ScapeNet: Real-time object detection in RuneScape

Mar 15, 2021

Can deep learning algorithms be applied to the metaverse? Virtual environments have served as the training ground for hard-to-get data for deep learning models like self-driving. Could we use some of the same architectures to distinguish objects in the metaverse? To test this hypothesis, I turned to a game I remembered fondly from my early years: the mass multiplayer online game, RuneScape.

RuneScape hasn't changed much since I played it 15 years ago. The 3d graphics are basic. Players perform tasks and kill monsters to increase their skills and purchase items from the in-game economy.

RuneScape was also the first game I really wrote code for. As a 13-year-old, I programmed bots to play the game for me: collecting items, performing tasks, and generating in-game gold. Eventually I started to write more sophisticated programs that used Java reflection and code injection. But after about a year, my bot farms were banned and I quit the game and moved on to different problems.

Data Collection

There are already ways to identify objects in game - but it requires code injection and Java reflection, both of which can be detected easily by the game's anti-cheating software. I chose to use some of those methods to collect the data. I collected about a hundred thousand in-game screenshots of labeled data with a bot programmed to walk around all of the in-game areas, switching the camera pitch and yaw and taking screenshots every few seconds.

There was a bit of extra work to downscale the images and some quality checks for object occlusion, but otherwise this part was pretty straight-forward. The labeled data set included about 800 different in-game objects: NPCs, interactive game objects, and decorative game objects.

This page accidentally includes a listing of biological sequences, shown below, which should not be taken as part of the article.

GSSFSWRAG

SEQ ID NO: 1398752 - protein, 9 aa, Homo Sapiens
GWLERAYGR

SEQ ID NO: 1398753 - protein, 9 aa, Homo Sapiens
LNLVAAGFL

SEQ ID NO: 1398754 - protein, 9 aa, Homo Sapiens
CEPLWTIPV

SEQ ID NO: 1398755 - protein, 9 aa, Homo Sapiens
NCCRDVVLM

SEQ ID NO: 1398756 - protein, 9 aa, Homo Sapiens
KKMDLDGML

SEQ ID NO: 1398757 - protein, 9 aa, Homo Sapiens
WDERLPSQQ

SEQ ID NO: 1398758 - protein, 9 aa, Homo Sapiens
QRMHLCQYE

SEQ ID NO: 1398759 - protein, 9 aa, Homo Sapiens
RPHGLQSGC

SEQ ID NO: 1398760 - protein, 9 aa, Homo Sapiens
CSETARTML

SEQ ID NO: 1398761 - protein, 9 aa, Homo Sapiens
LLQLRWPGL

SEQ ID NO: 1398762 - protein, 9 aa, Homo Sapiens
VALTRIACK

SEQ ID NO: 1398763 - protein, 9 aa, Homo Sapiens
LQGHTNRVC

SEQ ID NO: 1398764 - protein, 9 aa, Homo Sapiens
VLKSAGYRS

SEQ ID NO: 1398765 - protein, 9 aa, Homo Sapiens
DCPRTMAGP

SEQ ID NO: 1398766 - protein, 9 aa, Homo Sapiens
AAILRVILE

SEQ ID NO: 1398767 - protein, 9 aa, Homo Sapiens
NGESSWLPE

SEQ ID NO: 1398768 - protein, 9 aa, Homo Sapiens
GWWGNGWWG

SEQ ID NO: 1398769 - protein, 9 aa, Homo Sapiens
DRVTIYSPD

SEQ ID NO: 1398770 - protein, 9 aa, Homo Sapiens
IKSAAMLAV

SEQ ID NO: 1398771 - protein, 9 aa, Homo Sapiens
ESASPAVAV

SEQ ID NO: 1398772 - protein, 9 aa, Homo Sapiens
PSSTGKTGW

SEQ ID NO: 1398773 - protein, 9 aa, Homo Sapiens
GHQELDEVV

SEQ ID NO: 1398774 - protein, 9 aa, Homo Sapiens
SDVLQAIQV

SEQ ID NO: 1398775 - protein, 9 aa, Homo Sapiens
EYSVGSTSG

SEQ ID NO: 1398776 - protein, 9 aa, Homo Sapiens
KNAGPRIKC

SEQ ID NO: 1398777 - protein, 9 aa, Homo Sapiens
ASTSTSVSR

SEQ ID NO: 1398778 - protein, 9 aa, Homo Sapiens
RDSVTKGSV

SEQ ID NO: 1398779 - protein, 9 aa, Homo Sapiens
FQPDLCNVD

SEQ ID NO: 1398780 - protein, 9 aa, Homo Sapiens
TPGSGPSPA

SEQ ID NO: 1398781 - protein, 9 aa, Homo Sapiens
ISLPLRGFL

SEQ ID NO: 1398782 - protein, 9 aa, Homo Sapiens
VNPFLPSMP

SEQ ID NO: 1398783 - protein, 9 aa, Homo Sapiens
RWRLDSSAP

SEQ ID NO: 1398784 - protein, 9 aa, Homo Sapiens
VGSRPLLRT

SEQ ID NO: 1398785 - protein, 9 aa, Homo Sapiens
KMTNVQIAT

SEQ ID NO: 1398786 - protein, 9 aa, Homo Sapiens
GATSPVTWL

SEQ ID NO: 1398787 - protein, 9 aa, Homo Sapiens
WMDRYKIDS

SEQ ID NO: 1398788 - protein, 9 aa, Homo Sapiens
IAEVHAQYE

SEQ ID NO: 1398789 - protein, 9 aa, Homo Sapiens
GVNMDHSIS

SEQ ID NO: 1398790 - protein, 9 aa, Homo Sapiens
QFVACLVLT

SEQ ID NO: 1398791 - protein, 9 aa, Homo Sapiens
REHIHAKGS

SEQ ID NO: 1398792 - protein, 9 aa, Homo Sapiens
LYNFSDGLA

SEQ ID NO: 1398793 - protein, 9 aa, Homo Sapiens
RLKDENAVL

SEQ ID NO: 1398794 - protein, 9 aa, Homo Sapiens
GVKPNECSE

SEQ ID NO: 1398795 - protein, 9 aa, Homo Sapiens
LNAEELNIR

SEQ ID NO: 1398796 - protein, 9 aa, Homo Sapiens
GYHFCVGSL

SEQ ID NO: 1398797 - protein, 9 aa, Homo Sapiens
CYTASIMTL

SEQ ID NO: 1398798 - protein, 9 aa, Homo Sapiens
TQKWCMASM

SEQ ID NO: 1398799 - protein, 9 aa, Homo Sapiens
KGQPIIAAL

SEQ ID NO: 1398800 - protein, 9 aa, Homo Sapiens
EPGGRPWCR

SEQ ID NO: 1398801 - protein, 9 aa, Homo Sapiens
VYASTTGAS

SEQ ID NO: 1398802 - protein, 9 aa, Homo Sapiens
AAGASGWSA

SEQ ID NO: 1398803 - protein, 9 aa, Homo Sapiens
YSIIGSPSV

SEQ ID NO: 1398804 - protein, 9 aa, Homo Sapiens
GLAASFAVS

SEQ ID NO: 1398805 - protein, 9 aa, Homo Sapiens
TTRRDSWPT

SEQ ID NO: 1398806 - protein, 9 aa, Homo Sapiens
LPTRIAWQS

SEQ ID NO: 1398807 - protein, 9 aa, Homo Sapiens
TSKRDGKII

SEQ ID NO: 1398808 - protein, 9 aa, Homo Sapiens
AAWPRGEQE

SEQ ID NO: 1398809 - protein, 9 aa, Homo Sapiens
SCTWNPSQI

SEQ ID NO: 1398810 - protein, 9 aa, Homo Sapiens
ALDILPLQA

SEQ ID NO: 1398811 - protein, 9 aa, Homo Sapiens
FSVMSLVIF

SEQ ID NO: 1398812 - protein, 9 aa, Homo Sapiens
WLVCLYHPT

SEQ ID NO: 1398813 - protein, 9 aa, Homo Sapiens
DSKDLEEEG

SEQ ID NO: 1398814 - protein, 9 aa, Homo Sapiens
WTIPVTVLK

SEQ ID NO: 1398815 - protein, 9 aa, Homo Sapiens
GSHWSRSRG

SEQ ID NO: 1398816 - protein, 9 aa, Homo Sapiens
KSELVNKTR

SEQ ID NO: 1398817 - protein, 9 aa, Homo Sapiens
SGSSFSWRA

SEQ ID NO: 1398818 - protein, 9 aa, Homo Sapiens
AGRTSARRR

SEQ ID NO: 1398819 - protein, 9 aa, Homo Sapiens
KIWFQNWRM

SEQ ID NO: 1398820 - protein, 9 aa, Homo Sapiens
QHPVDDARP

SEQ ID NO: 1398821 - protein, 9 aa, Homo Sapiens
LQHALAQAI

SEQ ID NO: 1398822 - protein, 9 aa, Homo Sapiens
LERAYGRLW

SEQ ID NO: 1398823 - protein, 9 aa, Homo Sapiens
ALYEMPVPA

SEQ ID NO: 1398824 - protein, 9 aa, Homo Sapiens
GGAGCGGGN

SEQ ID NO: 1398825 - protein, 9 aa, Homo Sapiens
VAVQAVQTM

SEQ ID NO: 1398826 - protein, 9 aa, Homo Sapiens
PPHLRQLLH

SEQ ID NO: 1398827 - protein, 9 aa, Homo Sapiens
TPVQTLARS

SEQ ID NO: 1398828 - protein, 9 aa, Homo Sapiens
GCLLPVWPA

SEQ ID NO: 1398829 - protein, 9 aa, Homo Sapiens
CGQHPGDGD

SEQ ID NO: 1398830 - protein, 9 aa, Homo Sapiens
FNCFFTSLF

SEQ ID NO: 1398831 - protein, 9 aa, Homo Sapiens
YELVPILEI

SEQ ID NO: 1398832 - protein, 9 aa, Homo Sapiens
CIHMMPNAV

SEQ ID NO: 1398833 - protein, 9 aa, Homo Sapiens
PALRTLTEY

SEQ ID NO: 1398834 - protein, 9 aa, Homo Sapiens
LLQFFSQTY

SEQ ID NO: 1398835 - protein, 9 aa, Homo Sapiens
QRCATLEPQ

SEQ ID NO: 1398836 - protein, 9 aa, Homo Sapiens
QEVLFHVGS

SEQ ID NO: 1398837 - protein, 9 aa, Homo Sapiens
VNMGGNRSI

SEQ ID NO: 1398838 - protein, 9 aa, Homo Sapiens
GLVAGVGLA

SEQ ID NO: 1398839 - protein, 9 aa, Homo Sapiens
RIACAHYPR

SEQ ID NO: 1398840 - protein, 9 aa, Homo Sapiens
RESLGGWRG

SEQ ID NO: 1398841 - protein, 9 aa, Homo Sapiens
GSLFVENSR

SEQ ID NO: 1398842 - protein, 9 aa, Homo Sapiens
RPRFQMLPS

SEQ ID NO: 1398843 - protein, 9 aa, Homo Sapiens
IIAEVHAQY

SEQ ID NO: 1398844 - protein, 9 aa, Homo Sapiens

Dataset statistics

The Model

When evaluating the the type of architecture, I looked (1) to achieve 60fps inference on my personal hardware (64gb RAM, NVIDIA Titan X GPU) (2) to optimize for mean average precision (mAP) across the object classes. I settled on yoloV5, with a few modifications to tailor it towards the special 3d environment.

I tried with three separate models to get a baseline - first, with a small subset of classes, second, with a specific subset of classes, and finally, with all 800+ classes. I experimented with different image sizes, training it from scratch vs. pretrain weights, and batch size.

A typical batch

Online Inference Pipeline

Once the model was trained, I needed to figure out how to run online inference. I ended up using OBS to capture the game window, streaming that to a local nginx server with RMTP. The inference server could then connect to that stream, run predictions, create bounding boxes, and output a labeled stream.


The model seemed to work fairly well. Some classes had extremely high mAP, while a few might indicate some data quality or labeling issues. It was a fun project to work on, and it proves that these types of algorithms can generalize well to mass multiplayer online games.

You can find some of the code on GitHub here.